Land rules deter competition

Land regulations are a cost and concern to New Zealand businesses, and they are probably a factor affecting the cost of living through land prices and competition effects. [...]

‘P’ is for price

Politicians play with the price system at their peril. Yet there are minimum wage laws, rent controls, price controls and other ways of distorting prices. Usually introduced with best intentions, these measures prevent markets from working properly. [...]

There is no magic in numbers

Whether there is enough competition in the New Zealand retail sector, is hard to tell. First of all, you would need to decide on how to measure it. But one thing is clear: a superficial look just at the number of competitors is not enough to accuse them of anti-competitive behaviour. [...]

‘C’ is for competition

To promote competition, the most important things regulators can do is to just let it evolve. Competition does not need encouragement, nor does it need to be mandated. It is just what happens naturally when scarce resources meet unlimited demands. Rainforests do not need gardeners, either. [...]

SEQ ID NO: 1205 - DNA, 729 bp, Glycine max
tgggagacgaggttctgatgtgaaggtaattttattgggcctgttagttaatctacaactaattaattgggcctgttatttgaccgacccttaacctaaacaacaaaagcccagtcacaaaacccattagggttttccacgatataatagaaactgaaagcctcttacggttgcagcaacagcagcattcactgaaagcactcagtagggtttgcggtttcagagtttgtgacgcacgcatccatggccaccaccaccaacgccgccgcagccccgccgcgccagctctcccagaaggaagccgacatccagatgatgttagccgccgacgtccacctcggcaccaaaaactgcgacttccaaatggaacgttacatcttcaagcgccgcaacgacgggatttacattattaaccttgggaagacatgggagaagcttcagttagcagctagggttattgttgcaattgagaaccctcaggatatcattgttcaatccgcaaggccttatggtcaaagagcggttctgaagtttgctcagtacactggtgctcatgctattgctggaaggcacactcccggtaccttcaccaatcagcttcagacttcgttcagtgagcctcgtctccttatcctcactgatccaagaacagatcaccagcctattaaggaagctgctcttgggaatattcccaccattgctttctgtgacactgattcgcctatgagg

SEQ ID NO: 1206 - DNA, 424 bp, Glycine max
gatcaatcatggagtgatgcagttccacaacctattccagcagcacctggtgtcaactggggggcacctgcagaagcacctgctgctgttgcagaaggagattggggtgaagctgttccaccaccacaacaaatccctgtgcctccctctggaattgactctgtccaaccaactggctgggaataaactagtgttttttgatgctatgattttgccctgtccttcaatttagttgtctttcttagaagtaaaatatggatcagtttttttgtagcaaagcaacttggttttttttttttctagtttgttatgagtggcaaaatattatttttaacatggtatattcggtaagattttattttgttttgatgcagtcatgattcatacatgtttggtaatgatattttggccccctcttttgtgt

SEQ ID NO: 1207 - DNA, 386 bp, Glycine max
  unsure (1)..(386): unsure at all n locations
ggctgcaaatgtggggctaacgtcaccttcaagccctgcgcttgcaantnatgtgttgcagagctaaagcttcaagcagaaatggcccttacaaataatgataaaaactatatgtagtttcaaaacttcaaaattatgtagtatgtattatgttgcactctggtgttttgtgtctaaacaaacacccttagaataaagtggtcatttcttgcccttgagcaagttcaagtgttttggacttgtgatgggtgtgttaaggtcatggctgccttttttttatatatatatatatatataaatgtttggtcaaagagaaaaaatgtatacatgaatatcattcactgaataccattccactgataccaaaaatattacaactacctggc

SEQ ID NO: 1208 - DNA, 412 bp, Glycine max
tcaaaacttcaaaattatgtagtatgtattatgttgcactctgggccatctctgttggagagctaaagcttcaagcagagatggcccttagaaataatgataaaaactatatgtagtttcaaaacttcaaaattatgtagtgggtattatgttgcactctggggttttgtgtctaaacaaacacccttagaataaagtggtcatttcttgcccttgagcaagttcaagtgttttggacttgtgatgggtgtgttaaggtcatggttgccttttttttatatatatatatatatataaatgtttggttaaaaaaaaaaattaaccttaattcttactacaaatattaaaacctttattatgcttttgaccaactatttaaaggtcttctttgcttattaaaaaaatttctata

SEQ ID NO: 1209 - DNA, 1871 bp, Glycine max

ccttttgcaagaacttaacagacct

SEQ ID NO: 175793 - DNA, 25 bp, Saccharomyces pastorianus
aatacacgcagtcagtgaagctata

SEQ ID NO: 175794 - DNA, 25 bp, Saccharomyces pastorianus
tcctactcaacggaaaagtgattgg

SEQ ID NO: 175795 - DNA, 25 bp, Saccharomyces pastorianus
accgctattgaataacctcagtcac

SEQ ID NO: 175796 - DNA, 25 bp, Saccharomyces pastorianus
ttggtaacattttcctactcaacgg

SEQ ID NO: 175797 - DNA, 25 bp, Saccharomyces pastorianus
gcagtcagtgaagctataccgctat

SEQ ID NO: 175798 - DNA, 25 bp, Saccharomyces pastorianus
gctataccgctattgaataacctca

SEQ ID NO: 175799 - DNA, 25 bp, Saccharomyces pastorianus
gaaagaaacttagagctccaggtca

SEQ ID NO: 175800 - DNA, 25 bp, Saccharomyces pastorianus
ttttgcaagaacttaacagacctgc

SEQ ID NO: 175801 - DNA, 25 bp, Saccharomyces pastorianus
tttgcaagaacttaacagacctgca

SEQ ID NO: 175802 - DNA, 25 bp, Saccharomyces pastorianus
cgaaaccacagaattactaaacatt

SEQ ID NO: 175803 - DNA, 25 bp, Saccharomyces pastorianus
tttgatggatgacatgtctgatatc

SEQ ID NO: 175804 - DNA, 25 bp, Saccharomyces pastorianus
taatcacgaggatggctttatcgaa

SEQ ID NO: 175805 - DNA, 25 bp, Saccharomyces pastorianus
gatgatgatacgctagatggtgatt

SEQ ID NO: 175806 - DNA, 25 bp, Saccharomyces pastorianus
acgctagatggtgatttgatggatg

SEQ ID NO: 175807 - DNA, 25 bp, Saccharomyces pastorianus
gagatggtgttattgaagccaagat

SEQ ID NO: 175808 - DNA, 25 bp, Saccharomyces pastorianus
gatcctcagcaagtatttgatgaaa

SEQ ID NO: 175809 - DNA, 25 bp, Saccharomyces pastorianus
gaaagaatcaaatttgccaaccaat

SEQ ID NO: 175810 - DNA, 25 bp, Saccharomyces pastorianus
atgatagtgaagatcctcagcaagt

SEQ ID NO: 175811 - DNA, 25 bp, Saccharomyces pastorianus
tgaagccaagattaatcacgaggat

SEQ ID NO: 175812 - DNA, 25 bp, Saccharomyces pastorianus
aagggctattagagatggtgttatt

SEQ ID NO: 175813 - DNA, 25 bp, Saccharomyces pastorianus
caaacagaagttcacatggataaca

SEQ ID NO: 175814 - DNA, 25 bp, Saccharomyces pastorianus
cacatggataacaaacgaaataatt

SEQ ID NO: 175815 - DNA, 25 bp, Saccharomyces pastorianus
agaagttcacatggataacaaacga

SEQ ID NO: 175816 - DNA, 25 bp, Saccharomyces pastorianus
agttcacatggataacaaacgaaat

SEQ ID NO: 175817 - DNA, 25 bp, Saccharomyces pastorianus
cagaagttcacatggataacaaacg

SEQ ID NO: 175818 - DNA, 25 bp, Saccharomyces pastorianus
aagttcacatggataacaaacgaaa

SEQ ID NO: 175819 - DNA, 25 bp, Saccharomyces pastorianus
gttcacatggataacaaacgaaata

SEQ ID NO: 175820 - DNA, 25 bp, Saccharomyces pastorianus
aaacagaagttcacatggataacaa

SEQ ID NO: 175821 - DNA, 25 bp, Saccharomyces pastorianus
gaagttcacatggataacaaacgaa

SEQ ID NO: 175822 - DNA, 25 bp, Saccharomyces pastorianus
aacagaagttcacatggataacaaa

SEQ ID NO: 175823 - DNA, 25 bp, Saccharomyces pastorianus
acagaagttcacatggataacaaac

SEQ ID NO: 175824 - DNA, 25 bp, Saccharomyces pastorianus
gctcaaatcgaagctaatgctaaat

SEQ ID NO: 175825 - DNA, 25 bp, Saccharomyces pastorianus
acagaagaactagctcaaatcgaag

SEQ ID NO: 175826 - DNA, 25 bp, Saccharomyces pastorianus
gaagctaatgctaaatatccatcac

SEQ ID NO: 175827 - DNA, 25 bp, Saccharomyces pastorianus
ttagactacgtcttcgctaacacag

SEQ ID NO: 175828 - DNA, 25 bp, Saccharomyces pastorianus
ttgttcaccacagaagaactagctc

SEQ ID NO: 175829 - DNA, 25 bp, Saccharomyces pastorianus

Caught in Europe’s competition dark ages

Antitrust law never really made much sense anyway unless you believe in the possibility of economics textbook style ‘perfect competition’. In the real world, markets are never perfect. But where market entrance is not artificially blocked by regulations, markets are usually dynamic enough to deal with dominant positions on their own. [...]

Patently absurd

Patents, far from protecting technological progress, have become a tool for blocking innovation. With modern patent laws, only James Watt and his heirs would have been able to construct steam engines, only the Benz family would produce cars, and only Wright Brothers Ltd. would build planes. [...]

Learning from Europe’s competitive spirit

Competition between political entities, whether they are countries, states or cities, has correctly been identified as one of the fundamental conditions for creating prosperity. But in Australia, we have abolished the possibility of such competition at both the federal and the local level. If we want to prepare Australia for future growth it is high time to reinstall the ‘killer app’ that once made the West – and Australia – rich. [...]